I want to take a look back into one of my favorite mixtapes EVER. It’s been almost 7 years (6/15/2012) since its release. Time flies definitely but I play this mixtape every other week.
A year and change after his highly-praised mixtape Zero Heroes¸ Kansas rapper XV is back with his newest release, Popular Culture. If it’s not the witty lines delivered by the emcee that will have you replaying the songs over and over again, the culturally universal samples used throughout the tape will definitely reel you in. Just as the title suggests, XV creatively samples quotes, theme songs, and clips from many well-known TV series and movies and incorporates them into a compilation that does not disappoint. With any luck, & it still bothers me this dude has yet to gain the attention since. XV begins flipping through the channels of pop culture (literally and figuratively) from the very beginning of the tape in the ‘Intro.’ From there, he travels throughout the decades of television history including specials such as Full House (‘Mary Kate & Ashley’), Aaahh! Real Monsters (‘Aaahh! Real Monsters’), Star Wars (‘Jedi Night’), Zombieland (‘Zombieland Rule 32’), and many more. Although many of the entertainment mentions are hidden between the lines of XV’s rhymes, one obvious reference is from one of the rapper’s favorite movies, Charlie & The Chocolate Factory, in the song ‘Wonkavator.’ Other samples on the tape include ‘Someone Out Of Town’ by Malaysian singer Yuna, on the track, ‘Her Favorite Song,’ along with ‘The Walker’ by band GAYNGS on the third song on the tape, ‘Breaking Bad.’
Though sample-filled and incredibly creative, XV does not forget who he is and where he came from during the course of the tape. On ‘The Kick’, possibly the realest and oldest track on Popular Culture, the Wichita artist uses an Inception-themed beat to discuss his life and how he strives for more than just his 15 minutes of fame. To show his appreciation to all of his fans that have been there with him from the very beginning, XV uses ‘Be There, Be Square’ as a dedication and theme song for his fellow Squarians. Along with keeping it real with his audience, XV recruits some top of the line features for his tape, including Emilio Rojas, Slim The Mobster, Schoolboy Q, B.o.B., and many more artists. This is also the first time many people get to hear upcoming singer Raja, who sings the hook for three of the tracks on the tape.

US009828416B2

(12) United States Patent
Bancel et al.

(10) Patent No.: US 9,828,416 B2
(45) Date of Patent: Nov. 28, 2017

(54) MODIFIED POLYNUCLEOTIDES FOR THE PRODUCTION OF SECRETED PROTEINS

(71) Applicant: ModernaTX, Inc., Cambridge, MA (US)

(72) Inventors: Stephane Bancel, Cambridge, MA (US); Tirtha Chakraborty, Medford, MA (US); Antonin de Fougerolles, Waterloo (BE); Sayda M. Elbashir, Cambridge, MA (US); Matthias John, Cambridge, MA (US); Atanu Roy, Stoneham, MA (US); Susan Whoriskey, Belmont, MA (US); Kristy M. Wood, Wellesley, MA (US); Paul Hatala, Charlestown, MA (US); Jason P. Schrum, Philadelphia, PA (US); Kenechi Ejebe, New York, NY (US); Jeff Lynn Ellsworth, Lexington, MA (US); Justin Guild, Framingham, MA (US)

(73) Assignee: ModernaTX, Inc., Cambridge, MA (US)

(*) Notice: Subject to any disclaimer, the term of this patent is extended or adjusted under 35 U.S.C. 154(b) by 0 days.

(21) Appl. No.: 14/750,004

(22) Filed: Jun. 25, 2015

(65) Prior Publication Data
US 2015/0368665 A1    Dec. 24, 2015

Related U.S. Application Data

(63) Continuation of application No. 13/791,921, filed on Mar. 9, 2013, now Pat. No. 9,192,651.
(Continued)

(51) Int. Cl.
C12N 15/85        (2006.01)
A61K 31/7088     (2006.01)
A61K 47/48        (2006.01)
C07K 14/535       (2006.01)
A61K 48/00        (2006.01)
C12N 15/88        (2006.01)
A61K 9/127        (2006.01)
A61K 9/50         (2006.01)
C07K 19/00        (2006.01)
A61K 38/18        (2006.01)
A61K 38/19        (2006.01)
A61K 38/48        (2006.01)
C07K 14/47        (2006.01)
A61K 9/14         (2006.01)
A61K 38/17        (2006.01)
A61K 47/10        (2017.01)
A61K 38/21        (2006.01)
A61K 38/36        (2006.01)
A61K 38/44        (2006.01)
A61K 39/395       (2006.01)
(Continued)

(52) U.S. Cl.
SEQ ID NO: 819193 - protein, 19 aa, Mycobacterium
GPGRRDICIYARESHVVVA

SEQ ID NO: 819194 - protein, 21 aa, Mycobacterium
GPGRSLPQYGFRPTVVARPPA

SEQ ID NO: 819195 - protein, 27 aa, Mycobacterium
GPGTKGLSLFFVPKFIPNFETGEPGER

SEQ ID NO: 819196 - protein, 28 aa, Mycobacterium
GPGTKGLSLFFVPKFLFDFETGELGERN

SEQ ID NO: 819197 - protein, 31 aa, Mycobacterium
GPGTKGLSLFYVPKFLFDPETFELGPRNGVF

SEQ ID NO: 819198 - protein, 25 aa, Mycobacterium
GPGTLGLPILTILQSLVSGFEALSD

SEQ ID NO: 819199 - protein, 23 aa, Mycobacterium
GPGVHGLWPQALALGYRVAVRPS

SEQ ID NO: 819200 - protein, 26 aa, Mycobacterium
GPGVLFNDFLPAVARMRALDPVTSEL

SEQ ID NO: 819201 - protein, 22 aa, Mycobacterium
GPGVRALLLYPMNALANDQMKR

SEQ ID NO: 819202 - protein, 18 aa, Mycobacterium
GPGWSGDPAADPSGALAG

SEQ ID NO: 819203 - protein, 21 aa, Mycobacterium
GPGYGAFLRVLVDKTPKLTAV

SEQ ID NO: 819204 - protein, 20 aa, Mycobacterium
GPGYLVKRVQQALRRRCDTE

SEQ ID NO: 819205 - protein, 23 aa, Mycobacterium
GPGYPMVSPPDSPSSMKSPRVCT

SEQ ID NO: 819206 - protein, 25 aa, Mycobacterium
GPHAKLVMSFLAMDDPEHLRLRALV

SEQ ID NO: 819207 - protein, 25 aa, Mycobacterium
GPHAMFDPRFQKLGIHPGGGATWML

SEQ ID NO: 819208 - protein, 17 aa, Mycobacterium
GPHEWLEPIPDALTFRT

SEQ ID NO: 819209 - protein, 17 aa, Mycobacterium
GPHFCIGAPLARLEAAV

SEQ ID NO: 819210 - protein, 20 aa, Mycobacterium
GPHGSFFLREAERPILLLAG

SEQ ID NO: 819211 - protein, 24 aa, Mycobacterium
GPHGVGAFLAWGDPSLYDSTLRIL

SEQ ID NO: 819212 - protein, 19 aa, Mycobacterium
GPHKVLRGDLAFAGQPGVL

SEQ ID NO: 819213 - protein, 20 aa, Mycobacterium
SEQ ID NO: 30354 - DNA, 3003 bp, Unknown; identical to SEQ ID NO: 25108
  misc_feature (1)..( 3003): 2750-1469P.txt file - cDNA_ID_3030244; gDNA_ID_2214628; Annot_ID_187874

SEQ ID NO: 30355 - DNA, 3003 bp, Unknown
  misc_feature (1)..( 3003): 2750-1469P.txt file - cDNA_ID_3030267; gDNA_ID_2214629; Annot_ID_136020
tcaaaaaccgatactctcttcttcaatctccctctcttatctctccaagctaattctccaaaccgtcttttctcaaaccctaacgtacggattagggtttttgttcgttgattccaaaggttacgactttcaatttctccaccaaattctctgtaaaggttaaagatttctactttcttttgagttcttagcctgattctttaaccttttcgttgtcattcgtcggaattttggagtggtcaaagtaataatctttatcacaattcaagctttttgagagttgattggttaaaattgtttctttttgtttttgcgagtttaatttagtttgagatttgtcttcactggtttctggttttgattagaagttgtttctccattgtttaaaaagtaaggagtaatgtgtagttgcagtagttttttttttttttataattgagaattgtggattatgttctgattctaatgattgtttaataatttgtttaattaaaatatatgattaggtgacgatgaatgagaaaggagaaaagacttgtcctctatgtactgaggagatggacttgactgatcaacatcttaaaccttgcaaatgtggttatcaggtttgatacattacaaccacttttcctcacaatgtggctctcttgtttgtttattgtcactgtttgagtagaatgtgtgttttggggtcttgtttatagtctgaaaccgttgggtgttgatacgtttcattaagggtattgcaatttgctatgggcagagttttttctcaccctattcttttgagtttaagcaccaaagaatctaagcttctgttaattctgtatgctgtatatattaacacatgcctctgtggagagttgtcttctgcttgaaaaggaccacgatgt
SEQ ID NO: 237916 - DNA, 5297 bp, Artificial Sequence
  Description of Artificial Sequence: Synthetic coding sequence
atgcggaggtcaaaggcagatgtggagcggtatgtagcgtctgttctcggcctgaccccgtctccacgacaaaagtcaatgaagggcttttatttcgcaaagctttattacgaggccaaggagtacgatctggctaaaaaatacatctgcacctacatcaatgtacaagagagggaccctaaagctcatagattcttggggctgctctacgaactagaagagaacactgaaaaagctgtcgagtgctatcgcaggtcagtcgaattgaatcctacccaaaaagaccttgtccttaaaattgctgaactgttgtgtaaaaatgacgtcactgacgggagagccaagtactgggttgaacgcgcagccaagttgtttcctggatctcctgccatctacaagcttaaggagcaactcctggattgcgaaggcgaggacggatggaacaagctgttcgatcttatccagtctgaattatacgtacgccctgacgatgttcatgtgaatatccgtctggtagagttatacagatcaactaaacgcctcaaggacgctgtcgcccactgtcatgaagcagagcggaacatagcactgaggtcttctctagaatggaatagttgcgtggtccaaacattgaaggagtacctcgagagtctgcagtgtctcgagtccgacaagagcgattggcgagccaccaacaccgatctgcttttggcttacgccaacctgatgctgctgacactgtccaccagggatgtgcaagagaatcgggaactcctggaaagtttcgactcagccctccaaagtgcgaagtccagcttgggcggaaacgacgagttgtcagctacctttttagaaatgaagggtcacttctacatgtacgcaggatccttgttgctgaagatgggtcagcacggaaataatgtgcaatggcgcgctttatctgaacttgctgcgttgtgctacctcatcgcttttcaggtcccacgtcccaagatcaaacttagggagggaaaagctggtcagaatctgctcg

While many artists attempt to have an overall theme for their projects and fail miserably (no shots at David Banner), XV’s latest proves that it is still possible to do so. His appropriate use of popular culture, clever rhymes, and excellent production (all thanks to producer Awesome Sound), combine to successfully create a more than exceptional sequel to Zero Heroes. If XV’s improvement continues to show as it did on this mixtape, all of his Squarians, new and old, will have something to look forward to with his future releases. I still think this is one of the greatest concepts from a project I’ve witnessed, and that’s saying alot.
My favorite song: Zombieland Rule 32 (Feat. Irv Da Phenom)